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Cities Speak Out Against Ohio Proposal That Would Ban Local Lead Safety Measures

lead_pipes.jpg
Ohio EPA
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Where lead pipes still exist around Columbus.

The Columbus City Council on Monday night announced it's standing against a state measure that would strip cities of local control to address lead poisoning.

An amended state budget bill would eliminate prevention-aimed programs in cities like Toledo and Cleveland that fight for rental homes to be safe from lead hazards.

Representative Derek Merrin, a Republican from Monclova Township and a real estate investor, offered the amendment at the end of April. He's said local regulations undermine state efforts.

David Norris, a senior researcher at the Kirwan Institute, says the legislation is counter-productive. The Kirwan Institute helped the Toledo Lead Poisoning Prevention Coalition write a lead hazard ordinance that just passed a month ago.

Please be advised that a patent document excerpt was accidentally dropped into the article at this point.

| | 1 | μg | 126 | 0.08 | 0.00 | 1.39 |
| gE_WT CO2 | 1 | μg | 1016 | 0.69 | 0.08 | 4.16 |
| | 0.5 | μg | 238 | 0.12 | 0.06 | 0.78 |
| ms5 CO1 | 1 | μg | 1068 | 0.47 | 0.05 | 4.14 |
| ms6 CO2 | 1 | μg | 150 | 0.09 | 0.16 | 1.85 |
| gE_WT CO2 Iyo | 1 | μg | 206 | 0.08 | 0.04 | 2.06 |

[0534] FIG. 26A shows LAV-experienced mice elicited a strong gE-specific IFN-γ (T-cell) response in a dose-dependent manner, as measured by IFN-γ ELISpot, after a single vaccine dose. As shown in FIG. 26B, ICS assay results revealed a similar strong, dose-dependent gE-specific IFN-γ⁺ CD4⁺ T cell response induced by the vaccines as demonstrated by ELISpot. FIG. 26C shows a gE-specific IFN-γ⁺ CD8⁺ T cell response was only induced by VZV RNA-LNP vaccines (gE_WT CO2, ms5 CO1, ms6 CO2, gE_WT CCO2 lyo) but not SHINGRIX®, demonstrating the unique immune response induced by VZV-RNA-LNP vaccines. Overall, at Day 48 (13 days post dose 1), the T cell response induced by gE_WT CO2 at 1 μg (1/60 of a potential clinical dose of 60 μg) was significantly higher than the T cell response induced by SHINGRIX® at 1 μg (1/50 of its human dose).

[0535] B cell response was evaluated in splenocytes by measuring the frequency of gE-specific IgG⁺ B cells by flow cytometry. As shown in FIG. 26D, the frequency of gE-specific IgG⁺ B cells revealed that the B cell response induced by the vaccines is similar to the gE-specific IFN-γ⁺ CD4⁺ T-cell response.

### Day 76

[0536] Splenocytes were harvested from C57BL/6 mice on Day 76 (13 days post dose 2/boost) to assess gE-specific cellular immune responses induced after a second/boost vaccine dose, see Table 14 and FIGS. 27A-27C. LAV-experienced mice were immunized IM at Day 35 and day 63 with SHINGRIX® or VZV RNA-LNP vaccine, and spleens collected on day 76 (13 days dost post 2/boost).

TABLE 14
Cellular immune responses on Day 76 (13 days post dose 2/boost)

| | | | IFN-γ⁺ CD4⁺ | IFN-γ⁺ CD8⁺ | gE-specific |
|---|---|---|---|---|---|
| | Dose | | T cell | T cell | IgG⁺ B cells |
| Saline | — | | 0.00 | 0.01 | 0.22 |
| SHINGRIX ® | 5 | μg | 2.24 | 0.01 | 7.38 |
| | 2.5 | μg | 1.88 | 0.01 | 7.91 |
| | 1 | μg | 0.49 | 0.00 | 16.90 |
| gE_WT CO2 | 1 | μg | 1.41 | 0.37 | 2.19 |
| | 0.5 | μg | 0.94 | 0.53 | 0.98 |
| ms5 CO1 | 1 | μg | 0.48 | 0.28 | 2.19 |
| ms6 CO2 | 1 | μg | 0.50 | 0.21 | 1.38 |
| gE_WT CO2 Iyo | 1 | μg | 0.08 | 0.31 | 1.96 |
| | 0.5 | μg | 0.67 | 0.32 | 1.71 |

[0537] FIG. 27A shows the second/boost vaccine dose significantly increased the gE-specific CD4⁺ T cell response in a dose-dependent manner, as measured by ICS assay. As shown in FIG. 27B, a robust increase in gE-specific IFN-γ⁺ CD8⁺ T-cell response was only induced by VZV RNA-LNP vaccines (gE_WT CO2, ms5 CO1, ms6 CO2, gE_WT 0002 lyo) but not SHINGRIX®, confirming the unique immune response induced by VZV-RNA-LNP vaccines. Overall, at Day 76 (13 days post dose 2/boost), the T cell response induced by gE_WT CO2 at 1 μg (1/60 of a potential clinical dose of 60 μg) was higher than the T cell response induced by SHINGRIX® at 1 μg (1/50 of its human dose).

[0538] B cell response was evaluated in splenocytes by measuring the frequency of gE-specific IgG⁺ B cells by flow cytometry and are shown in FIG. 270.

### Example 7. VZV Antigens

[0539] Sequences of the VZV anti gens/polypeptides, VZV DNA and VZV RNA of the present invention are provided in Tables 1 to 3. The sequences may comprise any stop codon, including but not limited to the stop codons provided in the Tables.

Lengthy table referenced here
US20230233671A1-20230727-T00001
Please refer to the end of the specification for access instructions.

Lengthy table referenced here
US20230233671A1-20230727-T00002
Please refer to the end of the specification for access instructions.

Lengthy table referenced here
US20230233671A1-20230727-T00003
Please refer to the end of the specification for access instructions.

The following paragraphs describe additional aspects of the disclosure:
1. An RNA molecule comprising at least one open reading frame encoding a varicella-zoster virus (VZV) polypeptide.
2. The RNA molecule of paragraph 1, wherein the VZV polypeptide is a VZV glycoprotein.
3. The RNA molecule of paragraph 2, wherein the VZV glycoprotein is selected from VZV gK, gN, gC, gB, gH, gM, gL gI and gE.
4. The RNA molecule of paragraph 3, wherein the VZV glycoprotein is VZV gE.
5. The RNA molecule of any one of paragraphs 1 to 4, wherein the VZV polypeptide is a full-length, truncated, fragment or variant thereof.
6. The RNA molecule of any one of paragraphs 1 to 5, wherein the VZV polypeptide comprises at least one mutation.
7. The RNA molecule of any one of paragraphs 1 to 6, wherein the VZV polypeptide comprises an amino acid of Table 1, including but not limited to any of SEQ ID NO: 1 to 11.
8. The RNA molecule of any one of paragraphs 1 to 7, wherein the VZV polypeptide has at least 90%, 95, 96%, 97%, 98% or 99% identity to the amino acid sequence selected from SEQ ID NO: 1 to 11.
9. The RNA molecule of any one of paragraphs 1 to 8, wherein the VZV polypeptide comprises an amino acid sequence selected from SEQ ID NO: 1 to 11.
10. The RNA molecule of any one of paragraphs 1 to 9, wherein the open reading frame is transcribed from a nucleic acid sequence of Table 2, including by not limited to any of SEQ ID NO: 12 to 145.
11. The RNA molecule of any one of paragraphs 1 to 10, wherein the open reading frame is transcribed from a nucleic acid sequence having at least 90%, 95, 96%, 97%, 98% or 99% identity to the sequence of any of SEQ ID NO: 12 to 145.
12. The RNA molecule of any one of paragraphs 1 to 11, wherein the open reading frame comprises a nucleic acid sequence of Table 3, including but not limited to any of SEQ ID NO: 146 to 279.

“Now we have been really successful with public education programs and bringing down lead poisoning significantly in the United States,” Norris says. “We still have this residual that disproportionately impacts low income families, African American families, Hispanic, Latino families.”

Another such ordinance in Cleveland will go into effect in July. And Norris argues they're both necessary.

"We’ve known about lead paint in housing for years. It was outlawed finally for new home construction in 1978," Norris says. "So we’re talking about 40 plus years on, we still have children who are being lead poisoned by this lead that exists in older housing stock."

The Senate will now consider whether to pass, change or throw out the potential changes to Ohio's lead laws. The budget must clear both chambers by June 30.